3. Urban gardens seem to be a new trend in Bangalore. Can you comment on this?
Bangalore used to be known as the ‘Garden City’ of India due to the extent and the diversity of the natural cover. In the last few decades, the size of green areas has decreased and the metropolitan area has been facing problems of water supply due to the progressive dismantlement of its historic tank system. In this context, efforts to address environmental issues have included attempts to influence practices at the micro level. Today an increasing number of families use systems of rain water harvesting on the one hand and of composting on the other hand. As waste needs to be segregated at source, home composting is encouraged and can be easily done in a pot system or in any aerated container. The compost generated can then be used for gardening. We have found that urban gardening is increasingly popular among Bangalore’s middle classes, both because products and services related to composting and urban gardening are easily available, and because Bangaloreans ‘rediscover’ a traditional way to grow food. The growing attention paid to genuine and organic food, as well as the popularity of social media that discuss ecological and healthy lifestyles, also account for this trend.
4. Waste workers are being organized around waste segregation facilities. Do you see this as a positive trend?
Relying on the figures available at the all-India level, more than 90% of the waste workers are women from economically and socially disadvantaged situations. The pourakarmikas , (the local name given to waste workers in Bangalore) are performing a key role and their working conditions need to be improved. Apart from the pourakarmikas that are directly employed by the BBMP (Bangalore’s municipal corporation; as opposed to those employed by contractors), the organization of waste workers takes place increasingly through NGOs and social enterprises that work for specific housing complexes. These organizations usually explicitely aim to improve the livelihoods of pourakarmikas. In addition, the involvement of the staff of the organization, who liaises with the residents and the other stakeholders of the local system of waste management, often proves useful for the waste workers to get their work respected and supported.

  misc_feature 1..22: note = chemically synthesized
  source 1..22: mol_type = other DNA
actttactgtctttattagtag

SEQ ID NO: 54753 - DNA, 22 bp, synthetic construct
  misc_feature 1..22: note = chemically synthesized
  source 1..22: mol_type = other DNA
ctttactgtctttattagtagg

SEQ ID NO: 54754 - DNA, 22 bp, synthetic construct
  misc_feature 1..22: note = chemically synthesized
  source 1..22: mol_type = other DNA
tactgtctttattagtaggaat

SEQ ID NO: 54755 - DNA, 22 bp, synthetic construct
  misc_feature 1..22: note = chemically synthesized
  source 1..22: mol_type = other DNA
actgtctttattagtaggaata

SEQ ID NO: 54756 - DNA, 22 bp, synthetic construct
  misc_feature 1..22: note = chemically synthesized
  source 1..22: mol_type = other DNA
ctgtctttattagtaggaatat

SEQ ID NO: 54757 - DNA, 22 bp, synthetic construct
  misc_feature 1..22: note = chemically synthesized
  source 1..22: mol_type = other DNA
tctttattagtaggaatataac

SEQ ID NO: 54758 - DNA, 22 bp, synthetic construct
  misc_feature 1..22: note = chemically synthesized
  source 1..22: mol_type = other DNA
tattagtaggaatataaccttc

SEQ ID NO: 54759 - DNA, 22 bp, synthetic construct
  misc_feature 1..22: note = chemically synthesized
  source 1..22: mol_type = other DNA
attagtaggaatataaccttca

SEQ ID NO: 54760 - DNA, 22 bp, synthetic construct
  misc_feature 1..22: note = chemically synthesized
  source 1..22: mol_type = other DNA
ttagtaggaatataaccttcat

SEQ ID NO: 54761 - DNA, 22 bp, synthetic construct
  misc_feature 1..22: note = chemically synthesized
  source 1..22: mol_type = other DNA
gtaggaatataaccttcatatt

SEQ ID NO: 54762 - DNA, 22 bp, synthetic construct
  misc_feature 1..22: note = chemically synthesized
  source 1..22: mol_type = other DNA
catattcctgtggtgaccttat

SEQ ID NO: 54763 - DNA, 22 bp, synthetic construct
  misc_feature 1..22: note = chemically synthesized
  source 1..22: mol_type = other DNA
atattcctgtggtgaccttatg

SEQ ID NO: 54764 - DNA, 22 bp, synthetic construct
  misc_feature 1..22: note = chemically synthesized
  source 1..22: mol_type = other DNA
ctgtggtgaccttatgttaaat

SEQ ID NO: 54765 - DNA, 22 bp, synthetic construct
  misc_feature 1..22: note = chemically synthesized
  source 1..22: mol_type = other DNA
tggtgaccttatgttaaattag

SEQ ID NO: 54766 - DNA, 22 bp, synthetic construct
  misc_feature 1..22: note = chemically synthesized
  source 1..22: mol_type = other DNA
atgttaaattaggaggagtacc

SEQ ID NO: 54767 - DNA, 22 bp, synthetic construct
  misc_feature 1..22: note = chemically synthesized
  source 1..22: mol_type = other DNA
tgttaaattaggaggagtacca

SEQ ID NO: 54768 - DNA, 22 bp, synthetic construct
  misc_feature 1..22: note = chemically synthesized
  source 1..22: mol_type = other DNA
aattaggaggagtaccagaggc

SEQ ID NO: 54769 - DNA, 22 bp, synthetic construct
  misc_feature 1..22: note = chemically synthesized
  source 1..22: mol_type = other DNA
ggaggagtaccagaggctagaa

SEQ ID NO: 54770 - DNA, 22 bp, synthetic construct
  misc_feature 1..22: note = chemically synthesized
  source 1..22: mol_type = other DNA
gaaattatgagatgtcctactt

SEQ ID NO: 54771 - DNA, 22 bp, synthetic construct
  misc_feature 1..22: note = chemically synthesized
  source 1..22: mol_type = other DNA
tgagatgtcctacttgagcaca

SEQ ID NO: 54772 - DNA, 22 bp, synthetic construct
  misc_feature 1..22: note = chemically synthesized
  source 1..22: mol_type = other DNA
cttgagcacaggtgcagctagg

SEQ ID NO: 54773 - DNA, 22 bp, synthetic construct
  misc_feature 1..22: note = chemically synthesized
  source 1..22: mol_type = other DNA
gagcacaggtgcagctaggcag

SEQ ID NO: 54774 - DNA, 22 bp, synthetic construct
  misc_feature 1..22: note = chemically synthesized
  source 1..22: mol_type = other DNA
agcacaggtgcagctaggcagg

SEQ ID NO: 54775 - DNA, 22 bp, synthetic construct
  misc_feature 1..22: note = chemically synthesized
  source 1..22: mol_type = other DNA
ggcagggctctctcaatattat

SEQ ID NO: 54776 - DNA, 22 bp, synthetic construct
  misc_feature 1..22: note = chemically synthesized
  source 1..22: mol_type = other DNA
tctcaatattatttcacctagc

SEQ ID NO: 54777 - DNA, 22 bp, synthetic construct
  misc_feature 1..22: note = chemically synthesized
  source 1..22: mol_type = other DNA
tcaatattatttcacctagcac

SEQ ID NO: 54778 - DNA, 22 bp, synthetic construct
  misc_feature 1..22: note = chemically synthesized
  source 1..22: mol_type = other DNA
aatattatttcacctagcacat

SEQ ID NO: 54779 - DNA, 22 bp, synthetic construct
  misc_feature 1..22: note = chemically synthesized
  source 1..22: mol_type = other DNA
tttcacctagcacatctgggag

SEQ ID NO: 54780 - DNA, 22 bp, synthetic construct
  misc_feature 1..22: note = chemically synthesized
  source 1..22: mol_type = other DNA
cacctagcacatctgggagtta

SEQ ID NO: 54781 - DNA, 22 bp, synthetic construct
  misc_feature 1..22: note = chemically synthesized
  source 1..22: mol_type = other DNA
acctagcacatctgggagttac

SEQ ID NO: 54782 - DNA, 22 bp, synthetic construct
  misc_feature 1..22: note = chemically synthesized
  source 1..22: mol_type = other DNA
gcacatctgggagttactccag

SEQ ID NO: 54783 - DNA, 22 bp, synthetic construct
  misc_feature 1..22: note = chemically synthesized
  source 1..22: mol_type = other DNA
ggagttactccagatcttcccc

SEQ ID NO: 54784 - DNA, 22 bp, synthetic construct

5. Is de-centralization a viable solution for waste management in a city such as Bangalore?
Our research highlights the diversity of factors that affect the different stages of the management of waste: they are institutional and technological but also socio-cultural. As shown in the film, there is a range of social practices that enable the entire system to function. The influence of policies therefore need to be understood in their broader social context. Basically, the objective of the new rules on solid waste management in Bangalore is to reduce the waste that gets landfilled. Policy efforts should aim to improve the functioning of the system, starting from the household, enterprise or community level until the macro level, that of the overall solid waste management system of the city. Decentralization seems to be an appropriate solution, provided it actually leads to connect the different levels and the different stakeholders. More generally, the decentralization process that has been initiated in Bangalore requires that all the 198 wards, which correspond to the smallest political and administrative units of the city, have elected ward committees. If these ward committees become fully integrated in the political life of the city, it will contribute to make local governance more inclusive and more effective.
To download the complete interview, please click on the link below: